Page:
The Vega Archipelago was inscribed on the UNESCO List of World Natural and Cultural Heritage in 2004 as the first Norwegian cultural landscape area. The UNESCO World Heritage List comprises areas or objects that have an irreplaceable cultural or natural value in a global context.
Vega is an island kingdom consisting of more than 6000 islands, holms and skerries. The islands bear testimony to a distinctive frugal way of life based on fishing and the harvesting of the down of eider ducks, in an inhospitable environment. The archipelago reflects the way fishermen/farmers have, over the past 1 500 years, maintained a sustainable living and celebrates the contribution of women to eiderdown harvesting. There are fishing villages, quays, warehouses, eider-houses (built for eider ducks to nest in), farming landscapes, lighthouses and beacons.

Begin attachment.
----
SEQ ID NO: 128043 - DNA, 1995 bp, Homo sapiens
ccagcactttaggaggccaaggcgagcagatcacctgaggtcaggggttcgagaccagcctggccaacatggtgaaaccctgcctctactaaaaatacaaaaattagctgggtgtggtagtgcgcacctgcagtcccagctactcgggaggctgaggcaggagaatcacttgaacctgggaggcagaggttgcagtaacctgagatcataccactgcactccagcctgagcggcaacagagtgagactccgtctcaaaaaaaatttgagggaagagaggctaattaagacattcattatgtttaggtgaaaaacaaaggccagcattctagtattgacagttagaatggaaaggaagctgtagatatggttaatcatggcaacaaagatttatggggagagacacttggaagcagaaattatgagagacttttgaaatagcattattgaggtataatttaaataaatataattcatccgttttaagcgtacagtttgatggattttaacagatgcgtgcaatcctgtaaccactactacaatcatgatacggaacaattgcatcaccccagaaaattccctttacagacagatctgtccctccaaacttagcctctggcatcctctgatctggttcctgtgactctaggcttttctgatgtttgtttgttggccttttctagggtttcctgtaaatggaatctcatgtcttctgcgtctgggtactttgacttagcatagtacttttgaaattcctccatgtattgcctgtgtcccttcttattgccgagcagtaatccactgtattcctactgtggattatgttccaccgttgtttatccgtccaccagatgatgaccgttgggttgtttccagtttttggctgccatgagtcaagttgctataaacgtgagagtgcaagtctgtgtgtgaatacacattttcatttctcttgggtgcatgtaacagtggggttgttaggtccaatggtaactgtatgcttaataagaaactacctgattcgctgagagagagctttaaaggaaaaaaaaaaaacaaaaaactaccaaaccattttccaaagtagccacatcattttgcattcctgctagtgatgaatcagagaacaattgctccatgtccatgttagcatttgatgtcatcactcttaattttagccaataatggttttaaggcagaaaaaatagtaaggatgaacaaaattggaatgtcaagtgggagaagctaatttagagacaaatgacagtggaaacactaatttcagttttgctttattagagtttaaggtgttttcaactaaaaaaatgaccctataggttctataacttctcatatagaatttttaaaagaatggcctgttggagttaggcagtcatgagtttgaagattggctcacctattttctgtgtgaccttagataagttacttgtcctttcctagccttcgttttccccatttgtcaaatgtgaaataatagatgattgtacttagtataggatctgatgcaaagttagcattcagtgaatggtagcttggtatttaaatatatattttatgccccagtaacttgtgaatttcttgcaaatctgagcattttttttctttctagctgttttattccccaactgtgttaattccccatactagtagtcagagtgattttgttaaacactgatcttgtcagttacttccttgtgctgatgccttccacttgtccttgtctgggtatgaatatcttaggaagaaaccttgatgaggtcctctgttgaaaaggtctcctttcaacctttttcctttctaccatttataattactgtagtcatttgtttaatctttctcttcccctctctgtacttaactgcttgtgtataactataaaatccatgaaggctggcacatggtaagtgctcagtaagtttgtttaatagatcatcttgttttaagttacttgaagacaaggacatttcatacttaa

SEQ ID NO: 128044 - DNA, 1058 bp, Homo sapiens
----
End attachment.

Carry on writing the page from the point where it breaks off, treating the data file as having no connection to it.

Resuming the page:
Many of these islands are not possible to visit due to their production of eider duck down. The islands with local production of eider down are all inaccessible during the eider duck nesting season from May to July. During this time period visitors need permission from the island property owners to go ashore. However, in summer, you can visit some of the most central islands in the Vega World Heritage area on an organized boat tour.
Vega Tourist Information in cooperation with local tourist companies, organize boat tours to Lånan and Emårsøy. These trips are made with sturdy boats, each one registered to carry around 50 passengers. You are accompanied by a local guide on board and ashore. Your local host will share the history of the island.